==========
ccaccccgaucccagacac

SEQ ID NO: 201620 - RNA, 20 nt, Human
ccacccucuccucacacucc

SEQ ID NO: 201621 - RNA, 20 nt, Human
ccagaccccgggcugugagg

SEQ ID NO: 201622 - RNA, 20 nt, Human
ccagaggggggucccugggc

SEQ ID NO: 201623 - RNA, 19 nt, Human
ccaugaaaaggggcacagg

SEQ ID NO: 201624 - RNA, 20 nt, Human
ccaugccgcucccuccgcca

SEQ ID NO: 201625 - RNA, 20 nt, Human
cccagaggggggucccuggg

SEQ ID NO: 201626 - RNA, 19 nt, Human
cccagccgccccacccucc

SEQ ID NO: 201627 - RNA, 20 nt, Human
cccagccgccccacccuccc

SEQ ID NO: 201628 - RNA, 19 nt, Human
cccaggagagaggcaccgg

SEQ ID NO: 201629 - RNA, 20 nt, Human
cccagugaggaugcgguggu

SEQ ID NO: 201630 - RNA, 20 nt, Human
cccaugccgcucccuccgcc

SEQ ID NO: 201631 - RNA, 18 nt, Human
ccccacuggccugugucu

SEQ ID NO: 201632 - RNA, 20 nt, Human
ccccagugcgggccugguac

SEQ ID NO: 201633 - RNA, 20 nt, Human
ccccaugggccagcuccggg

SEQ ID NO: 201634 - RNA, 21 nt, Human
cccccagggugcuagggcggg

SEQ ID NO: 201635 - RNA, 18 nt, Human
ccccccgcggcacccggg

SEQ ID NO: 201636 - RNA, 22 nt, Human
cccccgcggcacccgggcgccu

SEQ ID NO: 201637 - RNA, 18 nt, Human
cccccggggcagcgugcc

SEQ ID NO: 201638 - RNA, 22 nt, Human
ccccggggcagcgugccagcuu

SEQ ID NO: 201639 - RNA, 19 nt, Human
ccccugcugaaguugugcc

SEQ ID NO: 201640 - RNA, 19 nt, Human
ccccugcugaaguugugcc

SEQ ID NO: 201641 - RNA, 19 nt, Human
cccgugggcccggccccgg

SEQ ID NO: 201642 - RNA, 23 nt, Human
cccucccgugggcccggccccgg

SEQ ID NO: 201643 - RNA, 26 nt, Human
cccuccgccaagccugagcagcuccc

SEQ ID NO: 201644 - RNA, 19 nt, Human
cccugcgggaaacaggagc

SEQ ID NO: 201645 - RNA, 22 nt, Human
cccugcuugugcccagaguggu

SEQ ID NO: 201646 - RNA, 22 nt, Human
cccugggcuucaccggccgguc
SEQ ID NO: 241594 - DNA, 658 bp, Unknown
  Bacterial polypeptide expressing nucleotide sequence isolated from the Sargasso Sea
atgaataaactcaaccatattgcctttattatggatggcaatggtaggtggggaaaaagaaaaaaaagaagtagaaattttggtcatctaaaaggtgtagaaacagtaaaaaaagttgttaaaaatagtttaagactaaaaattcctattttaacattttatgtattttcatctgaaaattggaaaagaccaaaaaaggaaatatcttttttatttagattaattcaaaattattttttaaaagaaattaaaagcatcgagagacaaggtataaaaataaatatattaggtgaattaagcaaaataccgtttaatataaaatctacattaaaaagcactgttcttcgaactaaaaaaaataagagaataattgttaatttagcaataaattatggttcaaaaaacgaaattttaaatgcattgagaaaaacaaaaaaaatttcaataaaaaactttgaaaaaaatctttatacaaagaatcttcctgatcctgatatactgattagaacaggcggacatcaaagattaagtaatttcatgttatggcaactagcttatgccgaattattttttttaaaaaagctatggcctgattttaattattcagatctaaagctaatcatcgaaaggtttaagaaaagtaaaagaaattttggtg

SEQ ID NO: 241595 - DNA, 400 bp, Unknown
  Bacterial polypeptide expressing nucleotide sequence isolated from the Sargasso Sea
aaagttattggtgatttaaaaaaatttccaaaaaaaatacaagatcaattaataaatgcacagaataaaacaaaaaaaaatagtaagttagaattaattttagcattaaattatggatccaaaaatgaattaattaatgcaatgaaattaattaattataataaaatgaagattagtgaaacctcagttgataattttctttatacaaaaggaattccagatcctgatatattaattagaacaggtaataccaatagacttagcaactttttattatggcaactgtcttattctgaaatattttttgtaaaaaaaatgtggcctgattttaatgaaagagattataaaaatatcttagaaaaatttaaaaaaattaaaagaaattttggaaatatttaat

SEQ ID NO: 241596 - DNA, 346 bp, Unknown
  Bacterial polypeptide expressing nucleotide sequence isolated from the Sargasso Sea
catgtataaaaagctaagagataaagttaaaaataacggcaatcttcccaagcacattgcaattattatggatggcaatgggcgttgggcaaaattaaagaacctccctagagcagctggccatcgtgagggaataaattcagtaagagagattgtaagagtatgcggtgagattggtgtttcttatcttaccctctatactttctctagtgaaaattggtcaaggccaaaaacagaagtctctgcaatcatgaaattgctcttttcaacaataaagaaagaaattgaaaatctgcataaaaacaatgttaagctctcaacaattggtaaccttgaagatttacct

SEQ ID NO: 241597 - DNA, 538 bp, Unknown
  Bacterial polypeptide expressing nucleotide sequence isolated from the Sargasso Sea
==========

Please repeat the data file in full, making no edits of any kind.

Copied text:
ccaccccgaucccagacac

SEQ ID NO: 201620 - RNA, 20 nt, Human
ccacccucuccucacacucc

SEQ ID NO: 201621 - RNA, 20 nt, Human
ccagaccccgggcugugagg

SEQ ID NO: 201622 - RNA, 20 nt, Human
ccagaggggggucccugggc

SEQ ID NO: 201623 - RNA, 19 nt, Human
ccaugaaaaggggcacagg

SEQ ID NO: 201624 - RNA, 20 nt, Human
ccaugccgcucccuccgcca

SEQ ID NO: 201625 - RNA, 20 nt, Human
cccagaggggggucccuggg

SEQ ID NO: 201626 - RNA, 19 nt, Human
cccagccgccccacccucc

SEQ ID NO: 201627 - RNA, 20 nt, Human
cccagccgccccacccuccc

SEQ ID NO: 201628 - RNA, 19 nt, Human
cccaggagagaggcaccgg

SEQ ID NO: 201629 - RNA, 20 nt, Human
cccagugaggaugcgguggu

SEQ ID NO: 201630 - RNA, 20 nt, Human
cccaugccgcucccuccgcc

SEQ ID NO: 201631 - RNA, 18 nt, Human
ccccacuggccugugucu

SEQ ID NO: 201632 - RNA, 20 nt, Human
ccccagugcgggccugguac

SEQ ID NO: 201633 - RNA, 20 nt, Human
ccccaugggccagcuccggg

SEQ ID NO: 201634 - RNA, 21 nt, Human
cccccagggugcuagggcggg

SEQ ID NO: 201635 - RNA, 18 nt, Human
ccccccgcggcacccggg

SEQ ID NO: 201636 - RNA, 22 nt, Human
cccccgcggcacccgggcgccu

SEQ ID NO: 201637 - RNA, 18 nt, Human
cccccggggcagcgugcc

SEQ ID NO: 201638 - RNA, 22 nt, Human
ccccggggcagcgugccagcuu

SEQ ID NO: 201639 - RNA, 19 nt, Human
ccccugcugaaguugugcc

SEQ ID NO: 201640 - RNA, 19 nt, Human
ccccugcugaaguugugcc

SEQ ID NO: 201641 - RNA, 19 nt, Human
cccgugggcccggccccgg

SEQ ID NO: 201642 - RNA, 23 nt, Human
cccucccgugggcccggccccgg

SEQ ID NO: 201643 - RNA, 26 nt, Human
cccuccgccaagccugagcagcuccc

SEQ ID NO: 201644 - RNA, 19 nt, Human
cccugcgggaaacaggagc

SEQ ID NO: 201645 - RNA, 22 nt, Human
cccugcuugugcccagaguggu

SEQ ID NO: 201646 - RNA, 22 nt, Human
cccugggcuucaccggccgguc
SEQ ID NO: 241594 - DNA, 658 bp, Unknown
  Bacterial polypeptide expressing nucleotide sequence isolated from the Sargasso Sea
atgaataaactcaaccatattgcctttattatggatggcaatggtaggtggggaaaaagaaaaaaaagaagtagaaattttggtcatctaaaaggtgtagaaacagtaaaaaaagttgttaaaaatagtttaagactaaaaattcctattttaacattttatgtattttcatctgaaaattggaaaagaccaaaaaaggaaatatcttttttatttagattaattcaaaattattttttaaaagaaattaaaagcatcgagagacaaggtataaaaataaatatattaggtgaattaagcaaaataccgtttaatataaaatctacattaaaaagcactgttcttcgaactaaaaaaaataagagaataattgttaatttagcaataaattatggttcaaaaaacgaaattttaaatgcattgagaaaaacaaaaaaaatttcaataaaaaactttgaaaaaaatctttatacaaagaatcttcctgatcctgatatactgattagaacaggcggacatcaaagattaagtaatttcatgttatggcaactagcttatgccgaattattttttttaaaaaagctatggcctgattttaattattcagatctaaagctaatcatcgaaaggtttaagaaaagtaaaagaaattttggtg

SEQ ID NO: 241595 - DNA, 400 bp, Unknown
  Bacterial polypeptide expressing nucleotide sequence isolated from the Sargasso Sea
aaagttattggtgatttaaaaaaatttccaaaaaaaatacaagatcaattaataaatgcacagaataaaacaaaaaaaaatagtaagttagaattaattttagcattaaattatggatccaaaaatgaattaattaatgcaatgaaattaattaattataataaaatgaagattagtgaaacctcagttgataattttctttatacaaaaggaattccagatcctgatatattaattagaacaggtaataccaatagacttagcaactttttattatggcaactgtcttattctgaaatattttttgtaaaaaaaatgtggcctgattttaatgaaagagattataaaaatatcttagaaaaatttaaaaaaattaaaagaaattttggaaatatttaat

SEQ ID NO: 241596 - DNA, 346 bp, Unknown
  Bacterial polypeptide expressing nucleotide sequence isolated from the Sargasso Sea
catgtataaaaagctaagagataaagttaaaaataacggcaatcttcccaagcacattgcaattattatggatggcaatgggcgttgggcaaaattaaagaacctccctagagcagctggccatcgtgagggaataaattcagtaagagagattgtaagagtatgcggtgagattggtgtttcttatcttaccctctatactttctctagtgaaaattggtcaaggccaaaaacagaagtctctgcaatcatgaaattgctcttttcaacaataaagaaagaaattgaaaatctgcataaaaacaatgttaagctctcaacaattggtaaccttgaagatttacct

SEQ ID NO: 241597 - DNA, 538 bp, Unknown
  Bacterial polypeptide expressing nucleotide sequence isolated from the Sargasso Sea